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Bullpen holds it together in Angels' 4-3 win over Royals

One game after a ninth-inning meltdown, five relievers hold Kansas City scoreless for 31/3 innings. Mark Trumbo hits a three-run home run for the Angels.

September 17, 2012|By Mike DiGiovanna

KANSAS CITY, Mo. — — Mike Scioscia made five pitching changes Sunday, and not one of the moves blew up in the Angels manager's face.

One day after closer Ernesto Frieri's ninth-inning meltdown turned a two-run lead into a gut-wrenching loss, an Angels bullpen that leads the American League with 22 blown saves provided a huge sigh of relief, combining for 31/3 scoreless, one-hit innings in a 4-3 victory over the Kansas City Royals in Kauffman Stadium.

Mark Trumbo found his long-lost power stroke with a three-run home run for a 4-0 lead in the second inning, but the Royals scored in the second, third and fourth innings, leaving the Angels bullpen no margin for error.

After giving up three runs — two earned — and five hits in 52/3 innings, starter Dan Haren handed the ball to Nick Maronde, who got the last out of the sixth inning.

Garrett Richards threw a scoreless seventh, and three pitchers — Richards, Scott Downs and Jordan Walden — each got outs in the eighth.

With Frieri unavailable after pitching the previous two nights, Kevin Jepsen gave up one hit in a scorelesss ninth for his second save, as the Angels remained 21/2 games behind Baltimore for the second AL wild-card spot with 15 games left.

"You have to keep putting guys in positions you think are going to help win games," said Scioscia, who was heavily criticized for pulling starter Zack Greinke in the ninth inning of a 2-0 game Saturday. "Last night was a heavy page to turn, but the guys came back today and did the job."

There was a tense moment in the ninth inning when Mike Moustakas blooped a one-out single to left field and was replaced by speedy pinch-runner Jarrod Dyson, who took off on Jepsen's first pitch to Jeff Francoeur.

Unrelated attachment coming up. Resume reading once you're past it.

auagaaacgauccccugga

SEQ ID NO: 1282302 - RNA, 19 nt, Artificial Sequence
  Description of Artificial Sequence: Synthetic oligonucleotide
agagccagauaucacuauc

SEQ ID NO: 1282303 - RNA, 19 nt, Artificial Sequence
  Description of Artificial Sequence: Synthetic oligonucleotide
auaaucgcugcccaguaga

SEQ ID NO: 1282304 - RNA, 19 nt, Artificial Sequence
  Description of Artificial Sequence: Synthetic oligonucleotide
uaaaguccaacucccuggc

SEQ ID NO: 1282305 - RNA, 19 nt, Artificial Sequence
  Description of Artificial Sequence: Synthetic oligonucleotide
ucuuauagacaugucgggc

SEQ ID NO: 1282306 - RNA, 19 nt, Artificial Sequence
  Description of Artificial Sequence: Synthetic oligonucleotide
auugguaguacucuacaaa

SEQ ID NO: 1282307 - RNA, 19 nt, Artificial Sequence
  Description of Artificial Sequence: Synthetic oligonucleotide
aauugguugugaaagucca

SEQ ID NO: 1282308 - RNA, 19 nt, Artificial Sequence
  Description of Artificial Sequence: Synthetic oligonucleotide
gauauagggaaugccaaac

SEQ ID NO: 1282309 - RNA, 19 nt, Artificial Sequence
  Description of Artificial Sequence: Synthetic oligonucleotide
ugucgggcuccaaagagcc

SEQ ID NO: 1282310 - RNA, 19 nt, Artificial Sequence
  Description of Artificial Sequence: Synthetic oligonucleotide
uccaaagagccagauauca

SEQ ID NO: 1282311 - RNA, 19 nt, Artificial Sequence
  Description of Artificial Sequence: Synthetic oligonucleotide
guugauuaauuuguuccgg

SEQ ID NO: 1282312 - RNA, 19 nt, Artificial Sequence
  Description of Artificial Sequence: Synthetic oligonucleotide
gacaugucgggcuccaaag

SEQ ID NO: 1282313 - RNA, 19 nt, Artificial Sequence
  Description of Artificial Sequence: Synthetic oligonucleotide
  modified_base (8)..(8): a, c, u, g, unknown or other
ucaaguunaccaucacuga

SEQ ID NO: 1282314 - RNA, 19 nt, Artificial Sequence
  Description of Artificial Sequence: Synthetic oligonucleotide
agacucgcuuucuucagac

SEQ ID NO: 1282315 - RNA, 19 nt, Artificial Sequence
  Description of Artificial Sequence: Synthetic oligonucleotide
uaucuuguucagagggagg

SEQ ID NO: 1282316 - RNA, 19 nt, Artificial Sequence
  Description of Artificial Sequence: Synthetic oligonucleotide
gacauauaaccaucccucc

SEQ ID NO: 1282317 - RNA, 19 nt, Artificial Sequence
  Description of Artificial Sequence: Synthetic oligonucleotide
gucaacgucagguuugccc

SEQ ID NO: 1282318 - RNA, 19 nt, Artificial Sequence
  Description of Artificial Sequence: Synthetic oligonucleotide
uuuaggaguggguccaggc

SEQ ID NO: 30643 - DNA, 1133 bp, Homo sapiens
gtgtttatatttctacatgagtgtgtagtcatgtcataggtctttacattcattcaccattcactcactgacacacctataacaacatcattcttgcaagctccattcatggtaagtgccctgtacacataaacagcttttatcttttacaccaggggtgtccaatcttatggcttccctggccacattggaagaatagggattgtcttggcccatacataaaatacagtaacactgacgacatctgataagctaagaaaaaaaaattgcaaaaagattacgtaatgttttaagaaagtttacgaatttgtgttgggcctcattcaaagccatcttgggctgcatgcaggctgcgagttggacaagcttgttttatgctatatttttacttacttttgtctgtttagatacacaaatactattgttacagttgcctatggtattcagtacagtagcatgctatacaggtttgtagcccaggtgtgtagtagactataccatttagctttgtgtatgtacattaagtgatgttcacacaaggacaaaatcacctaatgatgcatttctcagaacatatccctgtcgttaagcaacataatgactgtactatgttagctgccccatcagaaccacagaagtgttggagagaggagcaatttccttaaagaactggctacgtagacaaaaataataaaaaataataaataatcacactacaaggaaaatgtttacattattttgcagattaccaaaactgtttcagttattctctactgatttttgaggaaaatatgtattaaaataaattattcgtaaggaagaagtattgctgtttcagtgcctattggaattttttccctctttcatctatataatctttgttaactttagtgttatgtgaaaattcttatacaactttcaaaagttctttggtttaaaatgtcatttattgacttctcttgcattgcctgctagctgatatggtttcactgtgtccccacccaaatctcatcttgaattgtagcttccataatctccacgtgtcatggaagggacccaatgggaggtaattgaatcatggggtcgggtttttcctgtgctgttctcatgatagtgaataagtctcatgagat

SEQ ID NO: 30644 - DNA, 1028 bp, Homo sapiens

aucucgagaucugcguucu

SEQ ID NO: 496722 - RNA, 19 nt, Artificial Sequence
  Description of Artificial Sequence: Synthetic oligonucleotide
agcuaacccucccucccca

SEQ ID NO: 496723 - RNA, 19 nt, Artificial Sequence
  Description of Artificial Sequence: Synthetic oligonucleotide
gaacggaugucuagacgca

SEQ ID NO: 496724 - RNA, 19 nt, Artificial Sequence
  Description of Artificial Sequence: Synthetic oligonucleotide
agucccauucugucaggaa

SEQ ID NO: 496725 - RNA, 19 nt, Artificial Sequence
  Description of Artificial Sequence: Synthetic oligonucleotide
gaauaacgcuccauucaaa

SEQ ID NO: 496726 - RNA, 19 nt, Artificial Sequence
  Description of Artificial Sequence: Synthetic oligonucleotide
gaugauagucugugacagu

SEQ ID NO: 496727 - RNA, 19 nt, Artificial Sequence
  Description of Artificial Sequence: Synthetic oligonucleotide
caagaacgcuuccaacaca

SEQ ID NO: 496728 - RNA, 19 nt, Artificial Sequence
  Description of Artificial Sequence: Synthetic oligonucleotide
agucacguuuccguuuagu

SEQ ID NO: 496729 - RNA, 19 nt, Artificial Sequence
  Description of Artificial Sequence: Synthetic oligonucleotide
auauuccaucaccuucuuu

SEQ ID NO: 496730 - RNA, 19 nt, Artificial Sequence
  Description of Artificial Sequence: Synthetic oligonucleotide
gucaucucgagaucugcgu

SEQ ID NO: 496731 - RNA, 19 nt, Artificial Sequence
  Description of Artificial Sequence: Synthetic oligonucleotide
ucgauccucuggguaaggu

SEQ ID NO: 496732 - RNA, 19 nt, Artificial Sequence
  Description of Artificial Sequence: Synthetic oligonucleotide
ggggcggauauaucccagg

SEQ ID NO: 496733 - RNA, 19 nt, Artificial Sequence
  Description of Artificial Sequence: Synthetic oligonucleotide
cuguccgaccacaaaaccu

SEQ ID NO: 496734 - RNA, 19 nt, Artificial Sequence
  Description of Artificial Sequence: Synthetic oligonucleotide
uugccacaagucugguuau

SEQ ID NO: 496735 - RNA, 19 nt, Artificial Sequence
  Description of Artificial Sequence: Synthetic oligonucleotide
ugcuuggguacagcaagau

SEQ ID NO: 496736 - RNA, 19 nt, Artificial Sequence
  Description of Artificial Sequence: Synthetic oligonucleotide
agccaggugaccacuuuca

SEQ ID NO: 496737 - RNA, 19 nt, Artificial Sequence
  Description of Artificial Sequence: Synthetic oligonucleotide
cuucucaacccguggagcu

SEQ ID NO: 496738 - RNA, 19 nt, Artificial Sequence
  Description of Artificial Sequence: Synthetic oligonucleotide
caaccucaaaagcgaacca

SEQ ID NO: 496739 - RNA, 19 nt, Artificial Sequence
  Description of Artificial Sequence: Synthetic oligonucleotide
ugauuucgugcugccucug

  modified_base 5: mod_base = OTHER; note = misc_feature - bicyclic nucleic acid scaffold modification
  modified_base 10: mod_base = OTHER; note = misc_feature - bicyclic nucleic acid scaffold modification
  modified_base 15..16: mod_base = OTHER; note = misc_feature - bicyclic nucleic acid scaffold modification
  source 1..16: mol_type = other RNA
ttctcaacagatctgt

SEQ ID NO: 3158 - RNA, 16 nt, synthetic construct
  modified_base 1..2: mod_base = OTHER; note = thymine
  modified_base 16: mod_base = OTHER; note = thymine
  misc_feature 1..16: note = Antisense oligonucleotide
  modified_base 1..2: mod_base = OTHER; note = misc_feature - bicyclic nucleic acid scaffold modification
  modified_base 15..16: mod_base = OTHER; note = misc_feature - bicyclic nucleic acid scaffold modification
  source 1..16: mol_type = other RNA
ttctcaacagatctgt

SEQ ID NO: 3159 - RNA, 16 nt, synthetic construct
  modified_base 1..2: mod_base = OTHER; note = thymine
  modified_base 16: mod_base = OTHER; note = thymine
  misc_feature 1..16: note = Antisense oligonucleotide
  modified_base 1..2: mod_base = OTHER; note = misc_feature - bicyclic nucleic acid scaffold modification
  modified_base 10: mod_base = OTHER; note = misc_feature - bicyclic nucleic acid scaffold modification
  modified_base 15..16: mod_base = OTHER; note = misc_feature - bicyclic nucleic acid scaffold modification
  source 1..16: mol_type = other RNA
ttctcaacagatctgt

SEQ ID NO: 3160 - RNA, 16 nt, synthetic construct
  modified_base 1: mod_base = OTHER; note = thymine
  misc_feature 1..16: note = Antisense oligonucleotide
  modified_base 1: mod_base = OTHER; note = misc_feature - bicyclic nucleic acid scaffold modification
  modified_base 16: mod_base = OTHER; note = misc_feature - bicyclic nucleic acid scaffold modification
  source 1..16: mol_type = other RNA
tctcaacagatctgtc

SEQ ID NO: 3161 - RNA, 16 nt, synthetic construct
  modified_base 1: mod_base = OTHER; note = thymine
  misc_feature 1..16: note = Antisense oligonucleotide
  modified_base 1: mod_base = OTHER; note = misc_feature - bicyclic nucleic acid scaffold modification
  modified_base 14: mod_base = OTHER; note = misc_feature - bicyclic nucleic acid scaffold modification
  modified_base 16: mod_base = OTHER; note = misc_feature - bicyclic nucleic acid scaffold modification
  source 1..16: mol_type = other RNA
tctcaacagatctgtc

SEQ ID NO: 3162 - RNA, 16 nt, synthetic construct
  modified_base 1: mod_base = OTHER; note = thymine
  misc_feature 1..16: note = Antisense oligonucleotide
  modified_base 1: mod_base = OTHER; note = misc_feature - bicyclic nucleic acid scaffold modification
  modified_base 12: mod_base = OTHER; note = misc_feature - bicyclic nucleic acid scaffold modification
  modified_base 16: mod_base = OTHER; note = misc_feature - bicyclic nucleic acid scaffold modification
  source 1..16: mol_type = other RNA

Jepsen pitched out, catcher Bobby Wilson made a strong throw to second base and Dyson was initially called safe by umpire D.J. Reyburn with a headfirst slide.

But Dyson's momentum carried him past the bag, second baseman Howie Kendrick maintained his tag, and Dyson was called out. Francoeur flied out to end the game.

"It's stressful to watch being in a one-run game," Haren said, "but those guys came in and did a great job."

It appeared the Angels might rout the Royals when Torii Hunter hit a run-scoring single in the first inning and Trumbo followed singles by Vernon Wells and Alberto Callaspo in the second with a three-run home run to center field, his 31st of the season but first extra-base hit since Aug. 21.

But for the rest of the afternoon, the Angels' offense mirrored Trumbo, who struck out in his next three at-bats and is batting .179 (27 for 151) with 65 strikeouts in 38 games.

"It's been a tough go for a long time, so I wouldn't expect one at-bat to get me out of it," said Trumbo, whose playing time has been reduced. "It was fun to contribute. Things have obviously changed, but I'm going to do everything I can to help."

The Angels have won 18 of 25 games but will need some help to reach the playoffs. They have no more games against teams ahead of them in the wild-card race and six more games against AL West-leading Texas, which opens a three-game series in Anaheim on Tuesday.

"Forget winning series, we're talking about winning every pitch," Scioscia said. "The only thing we can control is how we play. These last 25 to 30 games, we've seen glimpses of the way we can play, but we need to bring it for the last 15 games. We might need some help, but the best way for us to pressure other teams is to keep winning."

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